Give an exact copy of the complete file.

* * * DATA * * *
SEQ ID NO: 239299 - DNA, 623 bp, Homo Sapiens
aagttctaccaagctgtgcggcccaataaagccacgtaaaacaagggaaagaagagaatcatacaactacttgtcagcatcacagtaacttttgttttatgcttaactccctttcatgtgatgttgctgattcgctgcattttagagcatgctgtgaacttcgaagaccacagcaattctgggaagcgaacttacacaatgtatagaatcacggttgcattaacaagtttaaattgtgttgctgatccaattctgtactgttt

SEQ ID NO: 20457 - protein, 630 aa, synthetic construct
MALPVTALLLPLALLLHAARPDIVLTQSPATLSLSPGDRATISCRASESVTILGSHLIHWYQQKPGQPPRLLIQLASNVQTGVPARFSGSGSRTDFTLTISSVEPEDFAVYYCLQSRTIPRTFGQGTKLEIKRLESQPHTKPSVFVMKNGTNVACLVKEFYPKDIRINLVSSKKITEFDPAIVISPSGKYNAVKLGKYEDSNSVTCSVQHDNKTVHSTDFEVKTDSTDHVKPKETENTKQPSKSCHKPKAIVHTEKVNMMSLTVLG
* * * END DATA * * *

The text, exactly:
SEQ ID NO: 239299 - DNA, 623 bp, Homo Sapiens
aagttctaccaagctgtgcggcccaataaagccacgtaaaacaagggaaagaagagaatcatacaactacttgtcagcatcacagtaacttttgttttatgcttaactccctttcatgtgatgttgctgattcgctgcattttagagcatgctgtgaacttcgaagaccacagcaattctgggaagcgaacttacacaatgtatagaatcacggttgcattaacaagtttaaattgtgttgctgatccaattctgtactgttt

SEQ ID NO: 20457 - protein, 630 aa, synthetic construct
MALPVTALLLPLALLLHAARPDIVLTQSPATLSLSPGDRATISCRASESVTILGSHLIHWYQQKPGQPPRLLIQLASNVQTGVPARFSGSGSRTDFTLTISSVEPEDFAVYYCLQSRTIPRTFGQGTKLEIKRLESQPHTKPSVFVMKNGTNVACLVKEFYPKDIRINLVSSKKITEFDPAIVISPSGKYNAVKLGKYEDSNSVTCSVQHDNKTVHSTDFEVKTDSTDHVKPKETENTKQPSKSCHKPKAIVHTEKVNMMSLTVLG